The New 20 Percent Deduction for Business Income


If you operate your business as a sole proprietorship, partnership, or S corporation, your 2018 income from these businesses might qualify for the new 20 percent deduction.

The new 20 percent 2018 tax deduction can also apply to income you receive from your real estate investments, publicly traded partnerships, real estate investment trusts (REITs), and qualified cooperatives.

IRC Section 199A Deduction Overview

To qualify for the new 20 percent deduction, with no exceptions, you need qualified business income from one of the sources above, and you need “Defined Taxable Income” of:

· $315,000 or less if married filing a joint return, or
· $157,500 or less if filing as a single taxpayer

“Defined Taxable Income” is taxable income, before considering any Section 199A deduction.

Example. You are single and operate your dental practice as a proprietorship. It produces $180,000 of qualified business income. With your other income and deductions, your defined taxable income is $150,000. You qualify for a deduction of $30,000 (the lesser of $150,000 or $180,000 x 20 percent).

If you operate your practice as a partnership or S corporation and you have the same qualified business income, and defined taxable income numbers above, you qualify for the same $30,000 deduction. The same is true if your income comes from a rental property, real estate investment trust, or limited partnership.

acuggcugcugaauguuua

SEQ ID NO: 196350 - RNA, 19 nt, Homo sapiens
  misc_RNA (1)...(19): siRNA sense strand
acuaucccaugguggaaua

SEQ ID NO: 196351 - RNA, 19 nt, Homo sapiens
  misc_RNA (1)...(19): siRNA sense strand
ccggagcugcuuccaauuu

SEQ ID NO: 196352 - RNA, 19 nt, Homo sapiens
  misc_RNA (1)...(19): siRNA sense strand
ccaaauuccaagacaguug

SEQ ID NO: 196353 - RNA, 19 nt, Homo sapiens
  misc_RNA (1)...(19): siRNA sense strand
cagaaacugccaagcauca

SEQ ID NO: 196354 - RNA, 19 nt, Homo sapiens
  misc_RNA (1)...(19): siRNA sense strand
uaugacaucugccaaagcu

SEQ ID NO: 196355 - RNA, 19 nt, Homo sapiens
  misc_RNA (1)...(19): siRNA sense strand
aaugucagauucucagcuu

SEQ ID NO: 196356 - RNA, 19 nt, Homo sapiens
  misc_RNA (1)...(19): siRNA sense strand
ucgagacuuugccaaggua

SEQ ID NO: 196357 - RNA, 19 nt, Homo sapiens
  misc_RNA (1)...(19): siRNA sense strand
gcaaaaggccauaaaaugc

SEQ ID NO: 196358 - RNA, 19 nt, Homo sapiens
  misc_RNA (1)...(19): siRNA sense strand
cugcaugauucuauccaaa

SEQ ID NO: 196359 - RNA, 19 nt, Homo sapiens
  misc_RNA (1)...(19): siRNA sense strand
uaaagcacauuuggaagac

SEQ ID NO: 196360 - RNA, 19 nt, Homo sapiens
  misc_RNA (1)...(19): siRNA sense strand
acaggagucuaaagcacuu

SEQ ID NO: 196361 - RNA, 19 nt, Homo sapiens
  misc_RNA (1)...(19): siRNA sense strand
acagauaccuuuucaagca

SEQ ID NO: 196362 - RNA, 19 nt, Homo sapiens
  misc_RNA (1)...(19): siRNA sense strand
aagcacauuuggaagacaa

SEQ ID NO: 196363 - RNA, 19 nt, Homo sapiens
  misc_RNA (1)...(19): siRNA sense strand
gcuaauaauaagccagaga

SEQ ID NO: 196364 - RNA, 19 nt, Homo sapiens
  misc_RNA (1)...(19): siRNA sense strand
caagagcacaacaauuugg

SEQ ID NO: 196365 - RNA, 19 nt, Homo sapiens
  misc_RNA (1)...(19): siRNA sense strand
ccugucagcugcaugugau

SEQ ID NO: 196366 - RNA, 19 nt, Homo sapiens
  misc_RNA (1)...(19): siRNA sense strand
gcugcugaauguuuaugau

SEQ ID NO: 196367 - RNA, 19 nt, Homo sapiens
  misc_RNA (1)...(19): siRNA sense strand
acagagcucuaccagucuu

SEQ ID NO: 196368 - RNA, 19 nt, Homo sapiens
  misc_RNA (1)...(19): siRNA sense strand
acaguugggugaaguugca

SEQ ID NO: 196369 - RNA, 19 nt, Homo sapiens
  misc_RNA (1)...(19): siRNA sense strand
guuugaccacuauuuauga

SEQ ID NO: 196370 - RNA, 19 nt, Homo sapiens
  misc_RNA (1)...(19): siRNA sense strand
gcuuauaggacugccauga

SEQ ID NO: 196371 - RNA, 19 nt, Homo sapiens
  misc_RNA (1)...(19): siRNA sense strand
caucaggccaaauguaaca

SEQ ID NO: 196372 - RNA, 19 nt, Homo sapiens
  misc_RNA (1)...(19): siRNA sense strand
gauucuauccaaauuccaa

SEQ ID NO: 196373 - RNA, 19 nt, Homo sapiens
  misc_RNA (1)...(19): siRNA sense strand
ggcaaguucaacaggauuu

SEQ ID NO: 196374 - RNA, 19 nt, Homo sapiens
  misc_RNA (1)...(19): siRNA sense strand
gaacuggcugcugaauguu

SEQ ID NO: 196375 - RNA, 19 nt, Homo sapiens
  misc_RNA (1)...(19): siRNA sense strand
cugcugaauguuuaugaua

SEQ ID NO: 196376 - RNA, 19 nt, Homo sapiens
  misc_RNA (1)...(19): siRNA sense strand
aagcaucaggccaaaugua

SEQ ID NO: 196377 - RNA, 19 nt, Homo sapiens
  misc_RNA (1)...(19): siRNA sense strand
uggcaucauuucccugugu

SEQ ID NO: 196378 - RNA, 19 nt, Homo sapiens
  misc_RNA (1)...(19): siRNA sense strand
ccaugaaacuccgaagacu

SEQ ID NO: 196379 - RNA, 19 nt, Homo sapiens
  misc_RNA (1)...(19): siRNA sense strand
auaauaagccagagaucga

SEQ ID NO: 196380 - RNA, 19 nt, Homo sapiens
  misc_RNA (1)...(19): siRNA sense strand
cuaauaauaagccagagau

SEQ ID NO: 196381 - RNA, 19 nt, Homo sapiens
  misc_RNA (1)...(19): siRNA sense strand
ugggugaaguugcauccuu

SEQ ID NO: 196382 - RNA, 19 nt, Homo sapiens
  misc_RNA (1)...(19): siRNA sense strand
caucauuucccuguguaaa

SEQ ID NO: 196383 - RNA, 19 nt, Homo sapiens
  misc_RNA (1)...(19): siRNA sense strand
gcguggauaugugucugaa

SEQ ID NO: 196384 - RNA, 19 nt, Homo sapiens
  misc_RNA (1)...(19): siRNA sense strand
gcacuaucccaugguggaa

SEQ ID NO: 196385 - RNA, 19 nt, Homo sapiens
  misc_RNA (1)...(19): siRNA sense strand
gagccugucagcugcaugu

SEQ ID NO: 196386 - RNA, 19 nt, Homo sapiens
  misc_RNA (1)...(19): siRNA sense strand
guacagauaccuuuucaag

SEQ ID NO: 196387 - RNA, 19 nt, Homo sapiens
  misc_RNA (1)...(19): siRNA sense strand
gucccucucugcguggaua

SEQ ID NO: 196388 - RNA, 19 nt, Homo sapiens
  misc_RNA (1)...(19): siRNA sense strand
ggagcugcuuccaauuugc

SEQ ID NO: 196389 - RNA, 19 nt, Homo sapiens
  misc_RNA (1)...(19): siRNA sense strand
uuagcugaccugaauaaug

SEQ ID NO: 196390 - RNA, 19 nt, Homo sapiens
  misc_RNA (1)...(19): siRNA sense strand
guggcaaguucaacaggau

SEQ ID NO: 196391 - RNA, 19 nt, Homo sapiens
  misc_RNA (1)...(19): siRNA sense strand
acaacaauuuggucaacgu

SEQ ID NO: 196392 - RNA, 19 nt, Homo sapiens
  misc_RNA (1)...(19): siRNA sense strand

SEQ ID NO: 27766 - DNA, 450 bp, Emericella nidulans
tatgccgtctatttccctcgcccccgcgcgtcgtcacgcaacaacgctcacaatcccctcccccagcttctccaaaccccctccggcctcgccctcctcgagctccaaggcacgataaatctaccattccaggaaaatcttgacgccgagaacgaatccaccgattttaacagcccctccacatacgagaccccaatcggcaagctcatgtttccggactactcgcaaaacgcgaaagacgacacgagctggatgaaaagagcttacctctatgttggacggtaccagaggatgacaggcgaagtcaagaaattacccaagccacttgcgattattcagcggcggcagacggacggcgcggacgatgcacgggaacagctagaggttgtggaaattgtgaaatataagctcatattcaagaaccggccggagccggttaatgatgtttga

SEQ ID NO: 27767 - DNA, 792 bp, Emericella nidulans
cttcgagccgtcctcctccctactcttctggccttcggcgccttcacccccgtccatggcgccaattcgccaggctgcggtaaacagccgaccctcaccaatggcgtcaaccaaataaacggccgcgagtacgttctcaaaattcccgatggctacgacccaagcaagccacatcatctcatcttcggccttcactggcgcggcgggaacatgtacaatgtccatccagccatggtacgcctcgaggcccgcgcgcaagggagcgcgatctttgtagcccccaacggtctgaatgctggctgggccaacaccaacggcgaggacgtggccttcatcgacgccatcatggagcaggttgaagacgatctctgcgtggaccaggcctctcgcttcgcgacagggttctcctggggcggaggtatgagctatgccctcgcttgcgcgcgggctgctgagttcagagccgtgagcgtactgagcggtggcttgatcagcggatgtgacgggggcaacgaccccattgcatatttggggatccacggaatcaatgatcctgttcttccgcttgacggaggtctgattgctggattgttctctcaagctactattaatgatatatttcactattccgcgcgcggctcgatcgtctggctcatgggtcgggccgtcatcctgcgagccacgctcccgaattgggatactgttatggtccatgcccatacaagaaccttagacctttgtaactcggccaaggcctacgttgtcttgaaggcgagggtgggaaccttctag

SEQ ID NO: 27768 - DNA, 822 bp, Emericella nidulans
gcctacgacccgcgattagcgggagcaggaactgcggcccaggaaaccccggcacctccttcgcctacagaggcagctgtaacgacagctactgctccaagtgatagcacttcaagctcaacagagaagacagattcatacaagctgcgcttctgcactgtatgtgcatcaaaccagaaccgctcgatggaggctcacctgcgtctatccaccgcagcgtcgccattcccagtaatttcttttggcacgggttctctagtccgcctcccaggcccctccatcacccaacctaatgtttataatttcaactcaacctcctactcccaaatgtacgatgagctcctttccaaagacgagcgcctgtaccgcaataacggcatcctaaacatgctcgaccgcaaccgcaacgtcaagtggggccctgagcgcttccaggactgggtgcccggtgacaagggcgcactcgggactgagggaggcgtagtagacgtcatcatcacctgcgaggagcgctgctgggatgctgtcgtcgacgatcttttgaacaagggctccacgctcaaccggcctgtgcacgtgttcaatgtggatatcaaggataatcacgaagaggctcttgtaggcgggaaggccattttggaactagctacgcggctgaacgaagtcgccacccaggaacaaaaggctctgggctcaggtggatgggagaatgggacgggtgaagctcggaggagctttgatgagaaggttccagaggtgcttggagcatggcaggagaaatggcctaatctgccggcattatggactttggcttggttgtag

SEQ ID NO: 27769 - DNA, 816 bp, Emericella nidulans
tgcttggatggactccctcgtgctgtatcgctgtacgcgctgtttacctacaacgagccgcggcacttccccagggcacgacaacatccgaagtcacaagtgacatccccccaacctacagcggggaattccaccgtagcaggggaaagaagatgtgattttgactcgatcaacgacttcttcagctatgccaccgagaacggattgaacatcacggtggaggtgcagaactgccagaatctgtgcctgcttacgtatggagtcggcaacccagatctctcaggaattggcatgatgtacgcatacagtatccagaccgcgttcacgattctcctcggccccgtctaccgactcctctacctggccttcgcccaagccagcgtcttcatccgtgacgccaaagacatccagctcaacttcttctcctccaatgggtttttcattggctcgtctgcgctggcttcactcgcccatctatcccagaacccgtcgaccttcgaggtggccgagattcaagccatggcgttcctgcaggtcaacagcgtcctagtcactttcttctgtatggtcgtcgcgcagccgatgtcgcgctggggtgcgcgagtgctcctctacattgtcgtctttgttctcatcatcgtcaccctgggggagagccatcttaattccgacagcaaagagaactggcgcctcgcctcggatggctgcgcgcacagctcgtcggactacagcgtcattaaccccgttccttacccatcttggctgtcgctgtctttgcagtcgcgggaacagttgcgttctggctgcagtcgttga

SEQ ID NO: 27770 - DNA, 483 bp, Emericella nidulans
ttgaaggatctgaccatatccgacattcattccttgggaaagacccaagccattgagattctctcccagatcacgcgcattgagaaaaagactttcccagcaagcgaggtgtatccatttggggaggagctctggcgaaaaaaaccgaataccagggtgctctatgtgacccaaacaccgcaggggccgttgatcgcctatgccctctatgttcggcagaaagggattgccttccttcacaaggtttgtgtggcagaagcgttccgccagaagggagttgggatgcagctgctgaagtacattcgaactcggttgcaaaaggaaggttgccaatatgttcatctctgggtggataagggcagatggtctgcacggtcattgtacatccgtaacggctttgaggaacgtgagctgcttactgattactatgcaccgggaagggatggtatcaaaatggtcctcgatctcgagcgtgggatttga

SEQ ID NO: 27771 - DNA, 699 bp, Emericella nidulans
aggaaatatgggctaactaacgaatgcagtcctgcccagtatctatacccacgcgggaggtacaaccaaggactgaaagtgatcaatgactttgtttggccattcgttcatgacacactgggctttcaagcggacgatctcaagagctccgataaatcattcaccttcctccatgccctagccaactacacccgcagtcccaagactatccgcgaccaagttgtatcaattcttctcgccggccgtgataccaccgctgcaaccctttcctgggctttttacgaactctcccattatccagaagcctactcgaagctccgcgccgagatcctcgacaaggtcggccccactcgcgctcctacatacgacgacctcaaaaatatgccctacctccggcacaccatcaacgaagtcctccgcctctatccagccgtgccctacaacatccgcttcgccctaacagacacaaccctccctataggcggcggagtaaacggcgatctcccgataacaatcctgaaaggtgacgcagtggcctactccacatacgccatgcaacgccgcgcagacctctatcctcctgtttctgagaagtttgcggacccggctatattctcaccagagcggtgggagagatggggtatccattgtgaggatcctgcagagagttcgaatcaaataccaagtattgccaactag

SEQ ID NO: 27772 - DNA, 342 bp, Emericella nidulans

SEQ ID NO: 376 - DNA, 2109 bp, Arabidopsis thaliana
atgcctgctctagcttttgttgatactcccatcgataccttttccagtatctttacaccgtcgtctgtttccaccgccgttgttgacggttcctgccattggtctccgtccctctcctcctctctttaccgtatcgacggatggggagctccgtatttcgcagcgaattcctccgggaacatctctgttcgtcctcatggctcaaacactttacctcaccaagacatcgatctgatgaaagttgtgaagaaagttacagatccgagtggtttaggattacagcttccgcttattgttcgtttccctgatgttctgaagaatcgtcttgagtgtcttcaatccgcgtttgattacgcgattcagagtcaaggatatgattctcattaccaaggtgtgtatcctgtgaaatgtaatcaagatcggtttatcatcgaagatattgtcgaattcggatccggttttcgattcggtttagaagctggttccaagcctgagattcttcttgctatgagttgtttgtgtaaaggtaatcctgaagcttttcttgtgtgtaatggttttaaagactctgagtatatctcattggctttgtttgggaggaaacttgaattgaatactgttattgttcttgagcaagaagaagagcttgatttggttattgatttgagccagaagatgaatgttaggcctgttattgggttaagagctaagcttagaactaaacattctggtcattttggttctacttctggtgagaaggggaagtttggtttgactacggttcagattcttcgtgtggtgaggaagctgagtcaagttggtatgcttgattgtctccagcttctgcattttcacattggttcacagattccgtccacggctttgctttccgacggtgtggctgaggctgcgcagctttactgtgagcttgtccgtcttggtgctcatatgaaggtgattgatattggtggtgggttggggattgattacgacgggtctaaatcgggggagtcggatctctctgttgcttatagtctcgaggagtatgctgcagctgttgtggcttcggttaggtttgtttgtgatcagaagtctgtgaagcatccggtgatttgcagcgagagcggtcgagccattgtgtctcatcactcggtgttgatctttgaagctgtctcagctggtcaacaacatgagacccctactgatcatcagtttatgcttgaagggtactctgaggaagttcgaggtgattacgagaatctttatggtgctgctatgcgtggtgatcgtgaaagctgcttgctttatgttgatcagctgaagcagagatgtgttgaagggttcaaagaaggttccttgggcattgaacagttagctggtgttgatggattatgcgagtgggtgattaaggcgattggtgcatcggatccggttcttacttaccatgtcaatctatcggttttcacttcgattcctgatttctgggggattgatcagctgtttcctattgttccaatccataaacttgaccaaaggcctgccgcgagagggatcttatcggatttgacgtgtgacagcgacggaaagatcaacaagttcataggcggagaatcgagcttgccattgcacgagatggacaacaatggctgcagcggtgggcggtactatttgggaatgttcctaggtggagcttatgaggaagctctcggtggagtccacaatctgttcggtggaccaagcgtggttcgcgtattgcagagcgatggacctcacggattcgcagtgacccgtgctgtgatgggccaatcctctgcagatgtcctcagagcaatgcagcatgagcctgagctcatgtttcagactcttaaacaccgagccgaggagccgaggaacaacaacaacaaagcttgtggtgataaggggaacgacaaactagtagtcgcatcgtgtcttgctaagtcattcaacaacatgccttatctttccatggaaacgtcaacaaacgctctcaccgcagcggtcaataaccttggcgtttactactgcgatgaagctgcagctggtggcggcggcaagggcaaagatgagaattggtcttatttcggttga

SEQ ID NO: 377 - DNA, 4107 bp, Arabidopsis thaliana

Some VERY unfriendly rules apply to what Section 199A calls a “specified service trade or business”, such as operating a dental practice or accounting firm, where defined taxable income is above the thresholds above, plus phaseouts ($50,000 single or $100,000 married). At those income levels, the Qualified Business Income drops to ZERO for income from those sources.

But, Qualified Business Income from other sources could still help you qualify for the deduction.

Qualified Business Income

The term “qualified business income” means the net of qualified items of income, gain, deduction, and loss with respect to any of your qualified trades or businesses, within the United States only.

If the qualified business income produces a loss, then the loss creates a zero benefit for the year, and that loss carries over to the next year to ensure that your loss of money is penalized.

You do not include in qualified business income:

· any item of short-term capital gain, short-term capital loss, long-term capital gain, or long-term capital loss;
· any dividend, income equivalent to a dividend, or payment in lieu of dividends;
· any interest income other than interest income that is properly allocable to a trade or business;
· reasonable compensation paid to you by any qualified trade or business of yours (such as an S corporation) for services rendered with respect to that trade or business; or
· any guaranteed payment described in IRC Section 707 paid to you as a partner for services rendered with respect to the trade or business.